Food and Festivities
Springtime in Lafayette brings with it the season of crawfish boiled with a side of region-wide revelry and multinational merriment. The usually tranquil town swells with visitors as Mardi Gras krewes prepare their glittery, goodie-filled floats to make the annual trip through the main streets. King Cakes from Meche’s Donut King and the recently-created Boudin King Cake from Twin’s Burgers and Sweets are must-tries at this time of year.
A few weeks after Mardi Gras, Festival International de Louisiane draws thousands to Downtown Lafayette to partake in a free, five day fusion of French, African, Caribbean and Hispanic culture. Music, art, performances and tasty treats are ready to grab the attention and delight the appetites of all who attend. Always a crowd-favorite in the festival food arena is Bon Creole Seafood’s creamy, bread-bowled Crawfish and Seafood Boat.
What complements Cajun food better than dancing? Music halls come alive as the young and old partner up on the dance floors of local establishments like Randol’s Cajun Restaurant. Patrons can enjoy steaming Southern dishes like Seafood Gumbo, Boudin Balls, and barbecued Crab, while a live band performs with accordions and washboards, and dancers two-step and jitterbug the night away to the bouncing Cajun and Zydeco rhythms.
Food and a View
Sweetness and simplicity can be enjoyed by anyone who takes a short walk from America’s last standing Borden’s Ice Cream Shoppe to the nation’s only managed wetland in the middle of a university campus. The University of Louisiana at Lafayette offers a peaceful and unique view of a scenic swamp, named Cypress Lake. Home to a congregation of alligators, a bale of turtles, the occasional egret, a variety of fish, and mossy cypress trees, the beautiful campus marsh is open to visitors year round, especially those with a heaping scoop of praline pecan ice cream in their hand.
Borden’s Ice Shoppe,1103 Jefferson St, Lafayette, LA, USA, +1 337-235-9291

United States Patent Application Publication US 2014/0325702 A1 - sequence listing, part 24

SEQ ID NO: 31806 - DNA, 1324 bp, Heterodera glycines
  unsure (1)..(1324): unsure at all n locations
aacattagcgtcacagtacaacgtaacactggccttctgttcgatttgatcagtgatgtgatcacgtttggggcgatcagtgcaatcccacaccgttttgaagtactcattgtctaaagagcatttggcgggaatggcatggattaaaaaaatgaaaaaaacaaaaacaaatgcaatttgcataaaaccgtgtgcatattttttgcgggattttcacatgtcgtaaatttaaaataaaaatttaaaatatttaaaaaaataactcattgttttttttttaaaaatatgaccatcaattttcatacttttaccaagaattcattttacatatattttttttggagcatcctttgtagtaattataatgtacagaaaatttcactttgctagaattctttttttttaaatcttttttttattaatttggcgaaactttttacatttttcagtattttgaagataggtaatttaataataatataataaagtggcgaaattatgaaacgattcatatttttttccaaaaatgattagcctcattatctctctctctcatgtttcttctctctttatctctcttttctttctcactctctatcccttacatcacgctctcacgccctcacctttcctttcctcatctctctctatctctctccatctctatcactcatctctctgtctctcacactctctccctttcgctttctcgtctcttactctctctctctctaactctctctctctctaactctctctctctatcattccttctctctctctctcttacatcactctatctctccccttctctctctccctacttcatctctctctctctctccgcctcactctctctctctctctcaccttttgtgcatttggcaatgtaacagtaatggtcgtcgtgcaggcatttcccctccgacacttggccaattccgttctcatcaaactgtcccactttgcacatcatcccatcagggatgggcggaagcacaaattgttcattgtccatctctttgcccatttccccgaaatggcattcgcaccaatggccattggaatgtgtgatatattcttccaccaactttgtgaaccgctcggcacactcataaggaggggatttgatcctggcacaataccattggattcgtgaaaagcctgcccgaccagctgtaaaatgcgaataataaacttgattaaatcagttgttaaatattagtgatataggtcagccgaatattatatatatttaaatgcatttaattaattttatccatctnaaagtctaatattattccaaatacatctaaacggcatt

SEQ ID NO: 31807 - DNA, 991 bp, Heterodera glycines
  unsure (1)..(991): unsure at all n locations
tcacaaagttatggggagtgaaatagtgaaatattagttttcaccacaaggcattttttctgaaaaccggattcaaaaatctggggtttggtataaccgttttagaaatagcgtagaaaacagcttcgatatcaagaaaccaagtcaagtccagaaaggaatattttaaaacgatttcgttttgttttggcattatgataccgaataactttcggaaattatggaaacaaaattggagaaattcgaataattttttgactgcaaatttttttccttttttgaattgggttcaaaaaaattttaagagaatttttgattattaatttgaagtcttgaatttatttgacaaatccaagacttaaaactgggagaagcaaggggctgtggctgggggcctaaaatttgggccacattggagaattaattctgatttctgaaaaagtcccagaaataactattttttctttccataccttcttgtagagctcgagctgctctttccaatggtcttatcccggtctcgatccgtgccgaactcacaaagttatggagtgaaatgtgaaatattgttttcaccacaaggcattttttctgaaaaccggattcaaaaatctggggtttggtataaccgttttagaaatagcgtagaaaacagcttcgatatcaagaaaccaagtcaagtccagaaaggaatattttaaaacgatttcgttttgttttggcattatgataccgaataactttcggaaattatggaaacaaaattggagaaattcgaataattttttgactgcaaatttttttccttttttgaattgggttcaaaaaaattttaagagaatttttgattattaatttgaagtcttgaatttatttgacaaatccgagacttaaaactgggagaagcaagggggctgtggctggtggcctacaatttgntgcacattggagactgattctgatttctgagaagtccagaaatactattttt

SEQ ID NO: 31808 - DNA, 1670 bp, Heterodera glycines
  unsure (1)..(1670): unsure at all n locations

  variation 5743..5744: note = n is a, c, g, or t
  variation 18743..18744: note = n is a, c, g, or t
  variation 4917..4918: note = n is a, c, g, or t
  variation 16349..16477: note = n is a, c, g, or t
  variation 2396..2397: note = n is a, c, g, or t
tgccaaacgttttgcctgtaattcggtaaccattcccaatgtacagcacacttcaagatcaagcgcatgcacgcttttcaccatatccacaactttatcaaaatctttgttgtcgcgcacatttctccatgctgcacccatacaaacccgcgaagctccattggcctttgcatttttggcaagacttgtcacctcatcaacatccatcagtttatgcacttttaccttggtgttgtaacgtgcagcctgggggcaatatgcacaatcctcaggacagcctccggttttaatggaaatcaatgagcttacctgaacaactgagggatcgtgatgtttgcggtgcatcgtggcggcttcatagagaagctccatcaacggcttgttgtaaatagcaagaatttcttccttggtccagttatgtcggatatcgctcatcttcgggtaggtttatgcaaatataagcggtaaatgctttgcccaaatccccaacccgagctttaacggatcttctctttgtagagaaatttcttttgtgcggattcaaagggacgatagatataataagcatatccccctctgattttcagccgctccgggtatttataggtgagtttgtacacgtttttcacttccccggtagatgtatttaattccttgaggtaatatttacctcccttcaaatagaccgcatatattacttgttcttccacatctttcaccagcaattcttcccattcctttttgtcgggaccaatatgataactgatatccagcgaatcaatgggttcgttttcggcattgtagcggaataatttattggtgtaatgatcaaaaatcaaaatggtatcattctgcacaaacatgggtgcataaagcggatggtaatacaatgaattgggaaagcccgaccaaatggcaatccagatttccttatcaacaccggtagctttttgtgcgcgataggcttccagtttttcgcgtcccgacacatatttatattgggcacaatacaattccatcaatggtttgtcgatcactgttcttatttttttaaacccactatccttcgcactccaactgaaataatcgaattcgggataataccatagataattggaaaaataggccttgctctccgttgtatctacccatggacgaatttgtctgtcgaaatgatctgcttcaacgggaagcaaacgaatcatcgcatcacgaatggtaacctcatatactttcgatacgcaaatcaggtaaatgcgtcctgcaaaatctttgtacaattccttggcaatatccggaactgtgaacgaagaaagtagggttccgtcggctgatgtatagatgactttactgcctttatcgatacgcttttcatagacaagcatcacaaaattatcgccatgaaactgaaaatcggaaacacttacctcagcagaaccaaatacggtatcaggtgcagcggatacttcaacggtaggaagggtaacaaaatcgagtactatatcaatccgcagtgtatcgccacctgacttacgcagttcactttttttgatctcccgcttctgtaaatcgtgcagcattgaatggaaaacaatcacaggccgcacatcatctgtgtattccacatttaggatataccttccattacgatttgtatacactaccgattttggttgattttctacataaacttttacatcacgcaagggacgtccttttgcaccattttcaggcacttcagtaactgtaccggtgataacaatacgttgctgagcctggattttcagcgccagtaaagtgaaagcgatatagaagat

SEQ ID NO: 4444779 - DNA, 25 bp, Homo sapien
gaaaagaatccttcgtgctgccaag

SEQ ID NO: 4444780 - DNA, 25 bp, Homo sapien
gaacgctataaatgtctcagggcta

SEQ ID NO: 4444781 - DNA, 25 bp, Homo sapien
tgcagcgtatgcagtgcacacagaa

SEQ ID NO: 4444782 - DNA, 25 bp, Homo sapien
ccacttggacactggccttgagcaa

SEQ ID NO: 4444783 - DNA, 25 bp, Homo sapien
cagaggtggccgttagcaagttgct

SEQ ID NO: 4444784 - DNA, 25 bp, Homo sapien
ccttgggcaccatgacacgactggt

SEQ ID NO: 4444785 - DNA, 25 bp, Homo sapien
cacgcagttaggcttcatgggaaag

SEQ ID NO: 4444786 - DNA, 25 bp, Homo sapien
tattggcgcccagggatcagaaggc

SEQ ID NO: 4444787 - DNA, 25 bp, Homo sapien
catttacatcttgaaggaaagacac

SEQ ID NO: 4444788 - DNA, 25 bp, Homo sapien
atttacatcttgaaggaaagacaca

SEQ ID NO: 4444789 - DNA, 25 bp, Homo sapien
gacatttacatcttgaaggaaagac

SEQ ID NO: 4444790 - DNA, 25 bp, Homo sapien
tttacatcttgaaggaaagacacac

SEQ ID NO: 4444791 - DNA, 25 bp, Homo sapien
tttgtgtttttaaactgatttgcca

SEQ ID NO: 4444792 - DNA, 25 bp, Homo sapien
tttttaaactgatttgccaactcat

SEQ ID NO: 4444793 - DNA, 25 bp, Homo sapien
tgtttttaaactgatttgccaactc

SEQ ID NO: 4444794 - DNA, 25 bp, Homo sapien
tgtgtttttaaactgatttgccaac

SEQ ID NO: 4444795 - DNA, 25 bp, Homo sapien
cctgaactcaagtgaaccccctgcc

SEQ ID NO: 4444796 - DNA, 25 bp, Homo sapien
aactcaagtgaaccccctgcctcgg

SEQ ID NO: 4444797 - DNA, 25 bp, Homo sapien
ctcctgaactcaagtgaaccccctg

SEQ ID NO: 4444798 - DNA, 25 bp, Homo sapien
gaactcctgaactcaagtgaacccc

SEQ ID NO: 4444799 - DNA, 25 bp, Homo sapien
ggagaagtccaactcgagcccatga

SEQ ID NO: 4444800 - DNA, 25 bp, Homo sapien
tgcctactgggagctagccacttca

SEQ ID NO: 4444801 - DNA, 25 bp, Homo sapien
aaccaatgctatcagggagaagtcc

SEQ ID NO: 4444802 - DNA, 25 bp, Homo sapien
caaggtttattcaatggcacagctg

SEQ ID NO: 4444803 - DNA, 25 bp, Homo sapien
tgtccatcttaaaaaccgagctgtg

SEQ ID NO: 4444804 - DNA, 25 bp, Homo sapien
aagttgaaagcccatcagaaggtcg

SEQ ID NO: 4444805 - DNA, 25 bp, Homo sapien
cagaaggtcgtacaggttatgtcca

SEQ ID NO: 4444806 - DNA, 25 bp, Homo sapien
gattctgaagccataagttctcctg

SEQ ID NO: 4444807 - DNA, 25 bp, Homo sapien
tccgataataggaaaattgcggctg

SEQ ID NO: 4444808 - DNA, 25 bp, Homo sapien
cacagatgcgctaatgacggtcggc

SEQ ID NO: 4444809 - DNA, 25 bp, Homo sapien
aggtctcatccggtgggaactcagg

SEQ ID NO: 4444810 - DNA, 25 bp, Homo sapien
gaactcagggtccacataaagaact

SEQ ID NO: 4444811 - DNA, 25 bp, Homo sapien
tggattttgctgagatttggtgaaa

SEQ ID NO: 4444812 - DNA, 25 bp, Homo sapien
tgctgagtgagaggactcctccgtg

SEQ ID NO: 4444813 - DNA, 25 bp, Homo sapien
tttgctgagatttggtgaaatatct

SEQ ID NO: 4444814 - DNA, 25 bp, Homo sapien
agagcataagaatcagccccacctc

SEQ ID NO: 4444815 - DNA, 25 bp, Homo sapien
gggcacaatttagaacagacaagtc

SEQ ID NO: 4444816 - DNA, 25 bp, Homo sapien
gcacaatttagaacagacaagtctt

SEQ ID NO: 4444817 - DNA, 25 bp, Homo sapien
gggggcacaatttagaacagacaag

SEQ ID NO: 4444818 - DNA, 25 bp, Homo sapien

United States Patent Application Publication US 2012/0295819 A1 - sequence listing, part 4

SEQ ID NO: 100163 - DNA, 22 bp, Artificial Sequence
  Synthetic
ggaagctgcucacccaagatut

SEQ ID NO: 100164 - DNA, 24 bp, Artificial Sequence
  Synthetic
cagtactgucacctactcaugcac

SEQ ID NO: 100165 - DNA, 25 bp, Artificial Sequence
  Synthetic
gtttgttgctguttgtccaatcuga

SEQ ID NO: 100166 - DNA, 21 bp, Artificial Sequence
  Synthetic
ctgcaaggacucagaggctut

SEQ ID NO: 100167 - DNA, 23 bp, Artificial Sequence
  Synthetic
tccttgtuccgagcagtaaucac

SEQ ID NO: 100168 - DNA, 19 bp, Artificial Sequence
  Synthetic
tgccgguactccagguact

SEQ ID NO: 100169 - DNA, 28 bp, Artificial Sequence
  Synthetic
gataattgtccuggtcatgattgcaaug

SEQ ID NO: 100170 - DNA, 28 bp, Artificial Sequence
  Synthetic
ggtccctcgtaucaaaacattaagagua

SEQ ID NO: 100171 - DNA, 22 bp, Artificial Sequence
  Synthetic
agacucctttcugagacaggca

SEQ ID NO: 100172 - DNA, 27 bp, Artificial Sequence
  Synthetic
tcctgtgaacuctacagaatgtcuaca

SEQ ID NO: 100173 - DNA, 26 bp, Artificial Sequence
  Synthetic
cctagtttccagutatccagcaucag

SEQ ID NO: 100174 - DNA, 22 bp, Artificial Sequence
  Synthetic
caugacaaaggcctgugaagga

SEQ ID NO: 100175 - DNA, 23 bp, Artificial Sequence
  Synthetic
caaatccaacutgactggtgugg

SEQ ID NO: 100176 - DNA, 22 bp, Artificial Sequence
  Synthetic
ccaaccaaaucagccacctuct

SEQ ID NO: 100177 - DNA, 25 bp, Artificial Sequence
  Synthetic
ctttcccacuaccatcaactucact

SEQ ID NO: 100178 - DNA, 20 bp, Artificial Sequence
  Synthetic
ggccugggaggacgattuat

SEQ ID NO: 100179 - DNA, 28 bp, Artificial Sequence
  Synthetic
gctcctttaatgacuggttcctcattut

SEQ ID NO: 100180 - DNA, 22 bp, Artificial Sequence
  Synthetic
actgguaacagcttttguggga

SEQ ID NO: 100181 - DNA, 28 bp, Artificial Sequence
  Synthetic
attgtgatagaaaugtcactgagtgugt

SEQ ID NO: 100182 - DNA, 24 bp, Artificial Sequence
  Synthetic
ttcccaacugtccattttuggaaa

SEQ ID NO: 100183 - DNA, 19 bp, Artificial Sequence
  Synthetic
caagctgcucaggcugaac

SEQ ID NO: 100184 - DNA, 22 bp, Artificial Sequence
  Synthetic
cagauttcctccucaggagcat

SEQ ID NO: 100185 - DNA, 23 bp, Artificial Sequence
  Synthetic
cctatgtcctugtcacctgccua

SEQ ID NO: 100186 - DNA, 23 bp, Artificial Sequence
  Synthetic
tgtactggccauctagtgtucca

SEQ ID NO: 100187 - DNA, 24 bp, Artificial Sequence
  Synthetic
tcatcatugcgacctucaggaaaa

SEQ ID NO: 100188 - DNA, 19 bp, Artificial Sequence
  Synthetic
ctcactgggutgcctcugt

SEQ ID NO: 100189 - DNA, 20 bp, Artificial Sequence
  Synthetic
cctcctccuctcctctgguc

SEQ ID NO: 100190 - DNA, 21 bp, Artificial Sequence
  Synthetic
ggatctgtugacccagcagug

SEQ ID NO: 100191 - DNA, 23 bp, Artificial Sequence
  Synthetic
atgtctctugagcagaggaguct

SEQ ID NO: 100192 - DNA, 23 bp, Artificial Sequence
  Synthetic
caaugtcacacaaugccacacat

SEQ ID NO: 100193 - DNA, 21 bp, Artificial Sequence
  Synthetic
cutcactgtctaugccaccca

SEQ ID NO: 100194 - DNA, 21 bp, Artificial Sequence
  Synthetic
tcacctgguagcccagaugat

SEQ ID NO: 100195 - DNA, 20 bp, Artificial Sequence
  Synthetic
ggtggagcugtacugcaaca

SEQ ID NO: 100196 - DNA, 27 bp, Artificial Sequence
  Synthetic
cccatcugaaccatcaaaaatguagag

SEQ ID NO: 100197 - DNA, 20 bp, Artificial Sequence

Food and History
Creole restaurant Laura’s II continues the legacy of Laura Broussard and serves scrumptious meals complete with okra, Andouille sausage and southern fried chicken. Pack a classic plate lunch from this third-generation owned establishment and enjoy it with a founding member and Second Vice President of the Oak Tree Society – The St. John Cathedral Oak. This five-century old sapling is marked alongside some of the oldest trees in America and provides the perfect spot to enjoy Lafayette’s weather, calm atmosphere and heritage on any mild autumn day.
Laura II, 1904 W University Ave, Lafayette, LA , USA, +1 337-593-8006
Food and Drink
It can get hot and humid in the bayous and byways of Lafayette, so finding a way to beat the heat and assuage the spice is necessary. Luckily, the height of summer also means the height of snowball season. Bringing their own take to the world-wide phenomenon of finely shaved ice, snowball stands like Creole Flavor Sno will quench thirst and a sweet tooth with the hard-hitting combo of a Creole Cobbler sno cone and a pump of condensed milk, pairing perfectly with a bowl of jalapeño cheesy nachos.
Address: 2208 N University Ave, Lafayette, LA 70507, USA
Lagniappe – Food and more Food
Embedded in the culture of Lafayette and Louisiana is the concept of ‘Lagniappe’ which translates into English as ‘Extra’. Louisianans and Lafayettians could be said to like a little more fun, more joie-de-vivre, and definitely more food.
Thanksgiving in Lafayette is often celebrated with the fast-growing tradition of eating Turducken – a deboned turkey stuffed with a deboned duck, which is stuffed with a deboned chicken. Any curious gourmands can try one of these packed poultries in the dish’s birthplace. The recipe is said by some to have originated in an area just south of Lafayette at Hebert’s Specialty Meats. Any way you slice it, the triple-meat feast encapsulates the epitome of Lagniappe and Lafayette’s attitude towards food: more is better.